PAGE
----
The Kirtland Egyptian Papers were produced after the Book of Abraham was dictated

A key assertion claimed by critics of the Church is that these documents were produced prior to the Book of Abraham manuscript, and that they therefore constitute a "smoking gun" that proves that Joseph was making up translations for Egyptian characters taken from the existing fragments of the Joseph Smith Papyri. Critics often refer to these papers as the "translation documents" for the Book of Abraham, and believe that they were used specifically to produce the first three verses in Abraham, Chapter 1.

However, the earliest document in the KEP (pre-dating the recovery of the Joseph Smith Papryi from which the Book of Abraham was produced) assigns meanings to non-Egyptian characters, and a later document assigns new meanings to these same characters.

The earliest datable document in the collection is a letter from W. W. Phelps to his wife describing a selection of the "pure language". It is dated to May of 1835. The document contains a sequence of six characters, three of which may belong to a Masonic cipher. Each character is also given a name, a pronunciation and an explanation. However, what is significant is that all six of these characters appear in an identical order in other KEP documents, except they are given different names, sounds and explanations. None of these six characters come from the Papyri.

Some source material used in the KEP is taken from sections of the D&C

In the KEP, when a character in the Grammar is given multiple degrees, it does so usually by taking the source text and break it up into consecutive pieces. So, the first line might be the first degree, the second line the second degree, and so on. There is evidence that some of the source material in these explanations comes from sections of the D&C rather than the Book of Abraham.

Some of the Kirtland "Egyptian" Papers do not contain Egyptian at all

The "Egyptian Counting" document which is part of the KEP, like the grammar documents, has a character, a sound, and an explanation for each, yet none of the characters are Egyptian. Nor do they contain a single character from the Joseph Smith papyri.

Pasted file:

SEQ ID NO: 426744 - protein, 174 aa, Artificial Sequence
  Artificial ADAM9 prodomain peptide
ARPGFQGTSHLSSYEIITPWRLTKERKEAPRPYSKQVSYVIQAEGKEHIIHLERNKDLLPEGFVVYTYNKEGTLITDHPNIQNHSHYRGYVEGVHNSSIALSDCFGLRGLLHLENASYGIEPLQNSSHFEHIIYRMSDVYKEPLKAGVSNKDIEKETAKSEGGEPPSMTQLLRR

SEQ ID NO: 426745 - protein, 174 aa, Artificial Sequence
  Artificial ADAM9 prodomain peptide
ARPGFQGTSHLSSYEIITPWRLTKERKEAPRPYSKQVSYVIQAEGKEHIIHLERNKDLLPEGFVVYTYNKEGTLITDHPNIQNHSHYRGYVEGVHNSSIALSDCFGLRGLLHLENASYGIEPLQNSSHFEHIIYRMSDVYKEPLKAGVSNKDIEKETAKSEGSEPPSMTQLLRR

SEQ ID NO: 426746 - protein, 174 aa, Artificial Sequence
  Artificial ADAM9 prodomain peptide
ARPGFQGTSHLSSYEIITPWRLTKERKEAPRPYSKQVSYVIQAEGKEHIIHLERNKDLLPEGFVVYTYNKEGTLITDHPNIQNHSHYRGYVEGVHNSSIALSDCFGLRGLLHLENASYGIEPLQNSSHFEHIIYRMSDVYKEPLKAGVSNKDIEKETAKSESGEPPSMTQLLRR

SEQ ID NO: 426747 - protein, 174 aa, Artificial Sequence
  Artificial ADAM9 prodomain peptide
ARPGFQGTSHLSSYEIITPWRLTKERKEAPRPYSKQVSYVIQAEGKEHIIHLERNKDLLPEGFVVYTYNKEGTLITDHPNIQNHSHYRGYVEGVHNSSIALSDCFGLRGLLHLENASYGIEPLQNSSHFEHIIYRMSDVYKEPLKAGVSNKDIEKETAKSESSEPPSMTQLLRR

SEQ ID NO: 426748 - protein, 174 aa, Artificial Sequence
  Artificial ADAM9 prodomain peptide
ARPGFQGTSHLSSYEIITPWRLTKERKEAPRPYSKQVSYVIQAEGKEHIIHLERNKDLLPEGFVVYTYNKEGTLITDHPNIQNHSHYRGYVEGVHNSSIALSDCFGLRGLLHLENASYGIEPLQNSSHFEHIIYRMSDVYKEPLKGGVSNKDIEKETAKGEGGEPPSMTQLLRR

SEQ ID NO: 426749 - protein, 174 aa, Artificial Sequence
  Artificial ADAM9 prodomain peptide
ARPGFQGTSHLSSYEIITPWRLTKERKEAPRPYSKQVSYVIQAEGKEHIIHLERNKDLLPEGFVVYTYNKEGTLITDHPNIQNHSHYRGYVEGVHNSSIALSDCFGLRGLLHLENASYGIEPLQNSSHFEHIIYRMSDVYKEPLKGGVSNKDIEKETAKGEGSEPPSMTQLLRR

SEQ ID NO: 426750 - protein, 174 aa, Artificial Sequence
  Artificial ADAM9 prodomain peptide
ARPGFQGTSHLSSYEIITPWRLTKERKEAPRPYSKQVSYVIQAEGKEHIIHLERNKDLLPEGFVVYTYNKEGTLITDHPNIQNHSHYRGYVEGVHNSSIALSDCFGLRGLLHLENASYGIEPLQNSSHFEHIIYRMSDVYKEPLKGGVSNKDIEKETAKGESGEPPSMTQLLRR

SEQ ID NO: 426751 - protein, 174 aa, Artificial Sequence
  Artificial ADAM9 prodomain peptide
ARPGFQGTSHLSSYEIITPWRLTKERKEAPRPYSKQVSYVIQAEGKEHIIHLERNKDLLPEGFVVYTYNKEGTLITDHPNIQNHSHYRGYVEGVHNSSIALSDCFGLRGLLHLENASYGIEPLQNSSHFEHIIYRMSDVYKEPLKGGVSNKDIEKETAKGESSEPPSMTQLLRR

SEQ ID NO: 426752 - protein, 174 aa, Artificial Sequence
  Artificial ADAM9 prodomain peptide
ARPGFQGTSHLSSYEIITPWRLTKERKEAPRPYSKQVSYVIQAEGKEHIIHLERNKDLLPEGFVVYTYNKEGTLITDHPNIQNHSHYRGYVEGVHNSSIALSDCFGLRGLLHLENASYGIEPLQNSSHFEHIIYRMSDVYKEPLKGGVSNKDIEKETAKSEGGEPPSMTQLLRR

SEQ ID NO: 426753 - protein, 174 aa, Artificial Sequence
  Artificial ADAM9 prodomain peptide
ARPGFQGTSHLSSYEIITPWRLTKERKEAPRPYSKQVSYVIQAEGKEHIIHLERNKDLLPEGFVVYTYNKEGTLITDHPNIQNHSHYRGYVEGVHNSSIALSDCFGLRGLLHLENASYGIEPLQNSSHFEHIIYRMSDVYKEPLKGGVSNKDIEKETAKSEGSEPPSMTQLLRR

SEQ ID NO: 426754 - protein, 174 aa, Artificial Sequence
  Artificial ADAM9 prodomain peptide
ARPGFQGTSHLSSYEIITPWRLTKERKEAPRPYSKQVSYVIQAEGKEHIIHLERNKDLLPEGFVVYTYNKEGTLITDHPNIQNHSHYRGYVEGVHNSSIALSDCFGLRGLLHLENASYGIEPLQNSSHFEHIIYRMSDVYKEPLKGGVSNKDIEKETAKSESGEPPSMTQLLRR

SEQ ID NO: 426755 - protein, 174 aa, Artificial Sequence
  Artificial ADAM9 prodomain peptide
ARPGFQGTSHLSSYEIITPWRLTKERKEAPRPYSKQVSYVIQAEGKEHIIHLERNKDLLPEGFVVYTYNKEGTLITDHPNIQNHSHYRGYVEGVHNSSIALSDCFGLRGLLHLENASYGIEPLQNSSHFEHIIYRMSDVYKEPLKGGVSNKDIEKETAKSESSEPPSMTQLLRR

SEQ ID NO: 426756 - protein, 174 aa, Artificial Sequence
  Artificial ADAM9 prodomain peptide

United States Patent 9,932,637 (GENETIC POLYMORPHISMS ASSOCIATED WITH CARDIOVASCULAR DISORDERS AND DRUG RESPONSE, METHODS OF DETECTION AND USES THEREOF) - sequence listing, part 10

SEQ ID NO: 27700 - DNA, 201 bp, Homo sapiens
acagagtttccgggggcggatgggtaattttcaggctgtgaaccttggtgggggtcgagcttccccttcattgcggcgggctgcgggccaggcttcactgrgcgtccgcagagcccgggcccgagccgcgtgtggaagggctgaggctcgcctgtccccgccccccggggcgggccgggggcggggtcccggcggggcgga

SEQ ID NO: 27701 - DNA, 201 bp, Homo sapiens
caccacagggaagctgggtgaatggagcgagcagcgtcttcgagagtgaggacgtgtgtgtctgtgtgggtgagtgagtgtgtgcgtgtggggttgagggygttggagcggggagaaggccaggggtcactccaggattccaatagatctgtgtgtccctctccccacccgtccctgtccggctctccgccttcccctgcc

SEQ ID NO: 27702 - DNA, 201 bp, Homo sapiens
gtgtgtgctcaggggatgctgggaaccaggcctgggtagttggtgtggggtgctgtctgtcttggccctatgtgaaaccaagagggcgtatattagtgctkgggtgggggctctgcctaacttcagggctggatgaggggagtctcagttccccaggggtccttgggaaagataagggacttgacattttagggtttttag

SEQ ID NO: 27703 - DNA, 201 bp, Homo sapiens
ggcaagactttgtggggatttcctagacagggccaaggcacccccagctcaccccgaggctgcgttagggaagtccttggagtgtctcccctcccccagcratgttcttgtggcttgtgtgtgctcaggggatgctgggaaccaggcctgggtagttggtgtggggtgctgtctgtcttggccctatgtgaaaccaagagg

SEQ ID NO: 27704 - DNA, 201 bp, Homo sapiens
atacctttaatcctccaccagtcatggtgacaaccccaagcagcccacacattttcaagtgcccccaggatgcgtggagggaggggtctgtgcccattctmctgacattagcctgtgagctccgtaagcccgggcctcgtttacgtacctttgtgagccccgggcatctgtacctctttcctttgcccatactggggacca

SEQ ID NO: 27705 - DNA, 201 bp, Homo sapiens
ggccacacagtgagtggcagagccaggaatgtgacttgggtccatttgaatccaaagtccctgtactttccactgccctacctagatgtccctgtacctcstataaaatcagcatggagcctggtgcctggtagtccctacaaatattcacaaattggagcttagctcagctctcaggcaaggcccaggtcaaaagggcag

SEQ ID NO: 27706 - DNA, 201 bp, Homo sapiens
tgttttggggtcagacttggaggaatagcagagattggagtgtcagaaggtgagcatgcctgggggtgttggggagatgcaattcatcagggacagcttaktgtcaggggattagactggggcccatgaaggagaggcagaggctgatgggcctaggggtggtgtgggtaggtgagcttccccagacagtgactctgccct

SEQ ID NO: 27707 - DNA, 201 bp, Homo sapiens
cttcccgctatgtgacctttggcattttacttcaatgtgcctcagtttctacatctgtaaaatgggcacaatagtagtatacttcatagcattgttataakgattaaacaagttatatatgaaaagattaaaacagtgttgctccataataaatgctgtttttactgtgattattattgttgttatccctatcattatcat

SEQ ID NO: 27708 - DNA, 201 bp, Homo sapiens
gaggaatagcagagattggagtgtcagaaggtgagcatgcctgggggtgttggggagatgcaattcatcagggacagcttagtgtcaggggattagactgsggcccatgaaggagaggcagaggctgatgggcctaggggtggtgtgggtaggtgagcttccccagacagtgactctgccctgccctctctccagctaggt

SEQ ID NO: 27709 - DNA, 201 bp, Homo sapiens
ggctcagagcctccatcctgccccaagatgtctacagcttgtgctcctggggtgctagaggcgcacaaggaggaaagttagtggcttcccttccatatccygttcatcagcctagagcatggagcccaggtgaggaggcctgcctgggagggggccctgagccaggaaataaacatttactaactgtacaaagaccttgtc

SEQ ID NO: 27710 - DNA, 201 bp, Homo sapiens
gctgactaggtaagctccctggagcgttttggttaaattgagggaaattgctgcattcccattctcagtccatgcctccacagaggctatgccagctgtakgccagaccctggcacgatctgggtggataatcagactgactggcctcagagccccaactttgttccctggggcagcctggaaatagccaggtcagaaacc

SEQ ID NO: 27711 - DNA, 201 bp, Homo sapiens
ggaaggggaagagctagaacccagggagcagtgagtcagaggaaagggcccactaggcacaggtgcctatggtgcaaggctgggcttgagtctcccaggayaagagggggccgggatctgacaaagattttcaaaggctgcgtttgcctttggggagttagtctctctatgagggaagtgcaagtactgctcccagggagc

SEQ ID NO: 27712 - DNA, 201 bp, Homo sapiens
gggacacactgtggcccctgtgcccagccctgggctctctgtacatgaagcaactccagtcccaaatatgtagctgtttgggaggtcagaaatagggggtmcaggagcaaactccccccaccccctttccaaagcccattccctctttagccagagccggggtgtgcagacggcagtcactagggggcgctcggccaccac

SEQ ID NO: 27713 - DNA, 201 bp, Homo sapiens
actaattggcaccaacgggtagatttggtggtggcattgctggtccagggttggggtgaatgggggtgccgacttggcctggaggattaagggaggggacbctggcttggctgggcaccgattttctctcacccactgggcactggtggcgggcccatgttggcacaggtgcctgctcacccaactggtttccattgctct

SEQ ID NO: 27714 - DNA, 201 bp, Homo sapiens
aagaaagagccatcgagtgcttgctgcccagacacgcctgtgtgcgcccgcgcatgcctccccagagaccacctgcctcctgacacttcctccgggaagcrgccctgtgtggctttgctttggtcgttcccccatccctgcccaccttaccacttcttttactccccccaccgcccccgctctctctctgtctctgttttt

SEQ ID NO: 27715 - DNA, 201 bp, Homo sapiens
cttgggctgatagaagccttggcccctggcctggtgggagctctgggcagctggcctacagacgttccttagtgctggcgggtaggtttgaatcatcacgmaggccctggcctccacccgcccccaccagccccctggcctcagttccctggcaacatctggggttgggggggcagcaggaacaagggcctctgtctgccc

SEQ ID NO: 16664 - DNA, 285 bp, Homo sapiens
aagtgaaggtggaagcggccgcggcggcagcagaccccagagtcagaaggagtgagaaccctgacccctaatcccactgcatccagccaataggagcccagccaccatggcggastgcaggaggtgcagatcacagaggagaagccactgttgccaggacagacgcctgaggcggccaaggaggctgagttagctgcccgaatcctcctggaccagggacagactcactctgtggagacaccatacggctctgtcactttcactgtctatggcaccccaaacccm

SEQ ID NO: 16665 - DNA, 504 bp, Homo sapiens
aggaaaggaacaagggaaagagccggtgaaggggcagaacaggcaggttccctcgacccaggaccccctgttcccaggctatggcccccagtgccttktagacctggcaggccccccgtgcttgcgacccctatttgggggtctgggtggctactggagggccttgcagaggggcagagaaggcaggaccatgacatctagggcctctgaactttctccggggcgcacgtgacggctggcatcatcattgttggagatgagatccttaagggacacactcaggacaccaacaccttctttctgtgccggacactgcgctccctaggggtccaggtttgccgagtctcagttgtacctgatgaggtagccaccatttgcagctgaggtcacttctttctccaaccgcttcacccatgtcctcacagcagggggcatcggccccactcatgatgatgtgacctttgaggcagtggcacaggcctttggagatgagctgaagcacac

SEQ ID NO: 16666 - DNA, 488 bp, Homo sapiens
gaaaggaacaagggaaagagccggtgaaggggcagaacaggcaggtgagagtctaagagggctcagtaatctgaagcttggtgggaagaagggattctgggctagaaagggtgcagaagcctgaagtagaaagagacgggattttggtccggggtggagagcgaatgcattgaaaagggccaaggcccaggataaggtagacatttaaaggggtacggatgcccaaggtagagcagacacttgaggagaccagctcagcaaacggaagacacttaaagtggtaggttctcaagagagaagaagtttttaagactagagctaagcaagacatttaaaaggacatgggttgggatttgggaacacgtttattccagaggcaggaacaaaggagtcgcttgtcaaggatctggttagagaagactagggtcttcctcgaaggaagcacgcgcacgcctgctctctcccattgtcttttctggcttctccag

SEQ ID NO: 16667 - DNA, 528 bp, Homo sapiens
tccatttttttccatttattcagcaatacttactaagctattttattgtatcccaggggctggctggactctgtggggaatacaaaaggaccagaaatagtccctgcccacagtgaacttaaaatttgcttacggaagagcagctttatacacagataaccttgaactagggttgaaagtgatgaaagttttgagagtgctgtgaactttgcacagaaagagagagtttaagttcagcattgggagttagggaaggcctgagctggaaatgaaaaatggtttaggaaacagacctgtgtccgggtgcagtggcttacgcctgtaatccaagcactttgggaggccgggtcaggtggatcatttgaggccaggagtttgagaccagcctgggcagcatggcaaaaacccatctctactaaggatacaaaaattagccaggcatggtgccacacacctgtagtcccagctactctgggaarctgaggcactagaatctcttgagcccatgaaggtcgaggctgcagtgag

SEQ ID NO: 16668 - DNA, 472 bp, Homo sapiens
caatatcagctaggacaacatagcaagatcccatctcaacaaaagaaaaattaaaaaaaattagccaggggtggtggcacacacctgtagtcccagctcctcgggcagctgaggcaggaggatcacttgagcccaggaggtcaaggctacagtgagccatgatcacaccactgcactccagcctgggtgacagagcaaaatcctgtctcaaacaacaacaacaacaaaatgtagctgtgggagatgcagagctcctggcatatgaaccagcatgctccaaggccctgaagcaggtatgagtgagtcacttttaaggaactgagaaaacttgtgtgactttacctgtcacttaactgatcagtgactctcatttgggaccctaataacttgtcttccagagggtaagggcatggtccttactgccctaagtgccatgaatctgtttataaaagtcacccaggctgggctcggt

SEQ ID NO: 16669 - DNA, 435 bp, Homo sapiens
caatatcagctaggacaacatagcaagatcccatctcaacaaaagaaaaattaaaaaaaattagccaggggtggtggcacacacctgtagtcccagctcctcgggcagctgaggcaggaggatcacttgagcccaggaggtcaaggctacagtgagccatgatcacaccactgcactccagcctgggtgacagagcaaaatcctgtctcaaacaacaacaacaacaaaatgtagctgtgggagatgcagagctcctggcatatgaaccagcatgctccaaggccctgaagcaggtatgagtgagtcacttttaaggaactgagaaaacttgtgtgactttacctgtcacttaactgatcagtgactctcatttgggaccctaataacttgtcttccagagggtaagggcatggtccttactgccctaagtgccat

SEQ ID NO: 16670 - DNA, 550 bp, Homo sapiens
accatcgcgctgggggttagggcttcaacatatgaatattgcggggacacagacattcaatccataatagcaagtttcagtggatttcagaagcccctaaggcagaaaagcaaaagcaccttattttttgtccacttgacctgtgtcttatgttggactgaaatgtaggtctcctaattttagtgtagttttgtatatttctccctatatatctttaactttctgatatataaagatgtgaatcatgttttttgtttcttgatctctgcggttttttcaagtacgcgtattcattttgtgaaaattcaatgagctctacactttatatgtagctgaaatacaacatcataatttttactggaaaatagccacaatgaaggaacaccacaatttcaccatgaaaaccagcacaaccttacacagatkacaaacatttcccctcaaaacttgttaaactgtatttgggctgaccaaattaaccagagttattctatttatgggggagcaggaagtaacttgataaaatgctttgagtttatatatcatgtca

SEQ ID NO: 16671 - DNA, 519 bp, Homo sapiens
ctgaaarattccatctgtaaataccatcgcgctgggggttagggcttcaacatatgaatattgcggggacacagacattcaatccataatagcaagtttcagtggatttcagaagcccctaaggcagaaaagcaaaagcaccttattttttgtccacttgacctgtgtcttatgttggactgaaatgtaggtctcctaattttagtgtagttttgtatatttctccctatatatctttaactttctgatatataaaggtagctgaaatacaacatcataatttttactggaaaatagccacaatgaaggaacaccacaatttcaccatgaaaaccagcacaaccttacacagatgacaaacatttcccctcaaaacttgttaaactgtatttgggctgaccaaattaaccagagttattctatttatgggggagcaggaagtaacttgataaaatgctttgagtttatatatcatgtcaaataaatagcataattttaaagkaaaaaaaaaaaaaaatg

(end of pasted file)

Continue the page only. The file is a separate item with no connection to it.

The placement of a translation of the Book of Abraham prior to the production of the KEP renders the entire discussion regarding which document came before which other documents irrelevant

The production of the KEP after the Book of Abraham indicates that the KEP does not represent "translation documents" documenting a physical process by which translation was attempted.

It should be noted that this does not change the relationship of the Book of Abraham to the Joseph Smith Papyri. It does not address the issue of whether or not the text of the Book of Abraham was actually present on the Scroll of Hor (the "long scroll" theory), or whether the scroll was simply a catalyst for revelation (the "short scroll" theory).


Question: In the Kirtland Egyptian Papers, why is each Egyptian character matched to an entire paragraph of English text?

The KEP may have been an attempt to "reverse engineer" the Book of Abraham translation against the Egyptian papyri

Once the Book of Abraham translation was complete, a unique opportunity existed to use the completed translation in an attempt to match it against the Egyptian characters on the papyri and produce a correlation between English and Egyptian. The Church addresses this possibility on LDS.org:

Some evidence suggests that Joseph studied the characters on the Egyptian papyri and attempted to learn the Egyptian language. His history reports that, in July 1835, he was “continually engaged in translating an alphabet to the Book of Abraham, and arrangeing a grammar of the Egyptian language as practiced by the ancients.” This “grammar,” as it was called, consisted of columns of hieroglyphic characters followed by English translations recorded in a large notebook by Joseph’s scribe, William W. Phelps. Another manuscript, written by Joseph Smith and Oliver Cowdery, has Egyptian characters followed by explanations.[3]


Notes

  1. "Translation and Historicity of the Book of Abraham," Gospel Topics (8 July 2014).
  2. For the initial presentation of this theory, see William Schryver, The Meaning and Purpose of the Kirtland Egyptian Papers, August 2010 FAIR Conference.
  3. "Translation and Historicity of the Book of Abraham," Gospel Topics (8 July 2014).